Glycogen can supply short-term energy needs between meals or during short bursts of physical activity, such as sprinting. This is because it can make energy available very rapidly by breaking down to glucose. However, glycogen provides less than half the calories per gram that can come from fat stored as triglycerides.
In addition, glycogen is stored surrounded by water whereas triglycerides are not. You would therefore be considerably heavier if all your energy stores were in the form of glycogen (a 70-kilogram [kg] man would be 210 kg!).
Triglycerides, through the fatty acids that they contain, provide most of your body’s energy needs when you have not eaten for several hours, and can also supply your energy needs directly during prolonged exercise, such as running any distance greater than 400 metres.
If the process of using fatty acids to provide energy needs is disturbed in any way, you get hypoglycaemia (low blood sugar levels), particularly between meals.
As well as providing a vital source of energy, triglycerides help to make food palatable. It is extremely difficult to tolerate for very long a diet that includes less than 25 grams of fat per day.
Chemical structure of triglycerides
Triglycerides are composed of three fatty acids linked together by a small molecule called glycerol.
All about fatty acids
Fatty acids consist of long chains of carbon atoms linked together. There are two main types of fatty acids: saturated and unsaturated. Unsaturated fats can be either monounsaturated or polyunsaturated.
Saturated fatty acids
All the carbon atoms in the chains are linked by single chemical bonds; this type of fatty acid is found in large amounts in the triglycerides present in animal fat.
Monounsaturated fatty acids
All the links between carbon atoms in the chains are saturated bonds except for one that is unsaturated (a double bond). These occur in vegetable oils, such as olive oil and rapeseed oil.
Polyunsaturated fatty acids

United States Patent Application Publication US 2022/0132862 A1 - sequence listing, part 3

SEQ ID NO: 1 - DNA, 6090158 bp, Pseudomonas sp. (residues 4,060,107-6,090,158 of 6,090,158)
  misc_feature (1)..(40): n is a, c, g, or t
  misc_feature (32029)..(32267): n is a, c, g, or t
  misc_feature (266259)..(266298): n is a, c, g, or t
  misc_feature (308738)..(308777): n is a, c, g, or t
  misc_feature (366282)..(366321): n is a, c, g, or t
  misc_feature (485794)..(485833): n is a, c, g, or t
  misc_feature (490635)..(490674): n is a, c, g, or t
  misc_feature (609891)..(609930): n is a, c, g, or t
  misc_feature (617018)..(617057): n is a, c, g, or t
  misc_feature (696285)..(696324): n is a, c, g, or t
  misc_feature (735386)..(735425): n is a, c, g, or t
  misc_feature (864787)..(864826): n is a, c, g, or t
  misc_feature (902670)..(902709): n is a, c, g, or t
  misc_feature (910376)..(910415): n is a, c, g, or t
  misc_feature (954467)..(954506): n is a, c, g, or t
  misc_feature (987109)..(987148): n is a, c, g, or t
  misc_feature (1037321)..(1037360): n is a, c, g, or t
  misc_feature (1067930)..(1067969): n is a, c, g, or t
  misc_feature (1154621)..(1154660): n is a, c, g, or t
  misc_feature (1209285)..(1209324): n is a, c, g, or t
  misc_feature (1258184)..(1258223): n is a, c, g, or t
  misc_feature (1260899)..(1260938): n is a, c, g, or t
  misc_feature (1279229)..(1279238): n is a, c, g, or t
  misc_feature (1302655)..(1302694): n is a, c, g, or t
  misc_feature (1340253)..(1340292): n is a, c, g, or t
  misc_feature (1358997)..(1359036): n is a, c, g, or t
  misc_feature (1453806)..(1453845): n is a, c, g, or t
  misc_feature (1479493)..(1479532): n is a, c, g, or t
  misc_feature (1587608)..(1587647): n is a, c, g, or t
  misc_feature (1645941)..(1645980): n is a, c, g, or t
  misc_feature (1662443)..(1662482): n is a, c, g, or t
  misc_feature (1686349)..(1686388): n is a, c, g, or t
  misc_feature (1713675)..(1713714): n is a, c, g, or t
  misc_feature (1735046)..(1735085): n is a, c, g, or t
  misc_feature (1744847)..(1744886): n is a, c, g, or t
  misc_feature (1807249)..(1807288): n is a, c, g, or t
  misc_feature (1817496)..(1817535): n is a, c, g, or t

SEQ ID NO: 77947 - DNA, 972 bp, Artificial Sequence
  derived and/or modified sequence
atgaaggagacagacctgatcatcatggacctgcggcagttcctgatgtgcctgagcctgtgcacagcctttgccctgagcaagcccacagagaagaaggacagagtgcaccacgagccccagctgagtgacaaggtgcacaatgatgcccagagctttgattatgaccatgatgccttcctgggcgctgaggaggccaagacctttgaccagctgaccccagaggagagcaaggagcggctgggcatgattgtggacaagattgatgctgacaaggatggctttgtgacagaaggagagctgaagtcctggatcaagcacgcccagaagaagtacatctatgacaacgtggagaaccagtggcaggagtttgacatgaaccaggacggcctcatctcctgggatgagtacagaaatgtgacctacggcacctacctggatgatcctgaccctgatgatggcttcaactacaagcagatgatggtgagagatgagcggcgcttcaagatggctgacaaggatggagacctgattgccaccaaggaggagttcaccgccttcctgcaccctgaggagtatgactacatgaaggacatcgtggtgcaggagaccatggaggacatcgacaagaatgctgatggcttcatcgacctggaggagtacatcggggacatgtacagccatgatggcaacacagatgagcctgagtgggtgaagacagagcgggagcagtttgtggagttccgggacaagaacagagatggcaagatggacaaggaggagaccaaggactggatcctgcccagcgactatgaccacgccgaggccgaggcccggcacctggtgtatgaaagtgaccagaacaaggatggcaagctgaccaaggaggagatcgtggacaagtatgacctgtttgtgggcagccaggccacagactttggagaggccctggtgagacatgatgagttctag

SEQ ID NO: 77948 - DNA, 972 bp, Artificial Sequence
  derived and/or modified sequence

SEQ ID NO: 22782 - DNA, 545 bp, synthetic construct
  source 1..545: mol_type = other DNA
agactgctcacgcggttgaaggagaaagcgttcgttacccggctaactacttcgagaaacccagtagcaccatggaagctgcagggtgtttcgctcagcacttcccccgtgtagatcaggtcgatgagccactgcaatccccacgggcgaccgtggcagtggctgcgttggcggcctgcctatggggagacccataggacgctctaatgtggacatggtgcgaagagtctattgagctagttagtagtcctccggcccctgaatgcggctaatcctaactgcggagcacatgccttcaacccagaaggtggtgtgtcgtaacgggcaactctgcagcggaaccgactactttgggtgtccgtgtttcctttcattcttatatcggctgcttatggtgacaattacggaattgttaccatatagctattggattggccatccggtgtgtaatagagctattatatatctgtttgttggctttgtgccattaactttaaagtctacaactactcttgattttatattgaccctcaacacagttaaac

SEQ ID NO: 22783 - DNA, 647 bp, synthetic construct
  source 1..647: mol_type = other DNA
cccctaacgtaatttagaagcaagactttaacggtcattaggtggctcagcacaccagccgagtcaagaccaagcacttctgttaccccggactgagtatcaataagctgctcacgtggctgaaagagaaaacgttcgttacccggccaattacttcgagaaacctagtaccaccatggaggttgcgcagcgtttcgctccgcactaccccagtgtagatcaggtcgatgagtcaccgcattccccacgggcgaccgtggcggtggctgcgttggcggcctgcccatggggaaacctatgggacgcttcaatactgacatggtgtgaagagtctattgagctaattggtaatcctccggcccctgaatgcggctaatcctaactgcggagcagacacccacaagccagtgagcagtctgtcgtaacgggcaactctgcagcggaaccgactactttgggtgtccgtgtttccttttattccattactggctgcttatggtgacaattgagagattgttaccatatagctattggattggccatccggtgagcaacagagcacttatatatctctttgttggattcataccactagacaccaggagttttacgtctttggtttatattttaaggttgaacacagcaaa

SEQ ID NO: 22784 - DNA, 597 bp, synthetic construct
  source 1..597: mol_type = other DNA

More of the links between carbon atoms in the chain are unsaturated – as many as five or more. Fish oils are a particularly rich source of polyunsaturated fatty acids of a type sometimes called omega-3 fatty acids. Polyunsaturated fatty acids are also found in plant oils, such as sunflower oil.
How do fatty acids affect health?
The type of fatty acids in your diet affects your health. People with a relatively high intake of olive oil or fish have a lower incidence of heart disease than those who have a relatively high intake of saturated fat.
Saturated fatty acids raise blood cholesterol levels, whereas monounsaturated fatty acids do not affect blood cholesterol levels. The main effect of polyunsaturated fatty acids on blood lipids is to lower serum triglyceride concentrations, but they do not affect cholesterol.
Several other lipids are also found in your body. Some are vital components of your brain. An important group includes phospholipids, which resemble triglycerides in structure – the main difference is that one of the fatty acid groups is replaced by one that contains phosphorus. This alters the properties of the molecule because half of its structure is soluble in fat whereas the other dissolves in water. These dual solubility properties allow phospholipids to act as detergents and, together with special proteins, phospholipids are able to interact with cholesterol and triglycerides to form packages of lipids that are stable in water.
Triglycerides (found in animal and dairy fats) are the main form of energy store in your body
Cholesterol is a lipid (fat) and does not dissolve in water
Cholesterol is essential for normal cell structure
Several vital hormones are made from cholesterol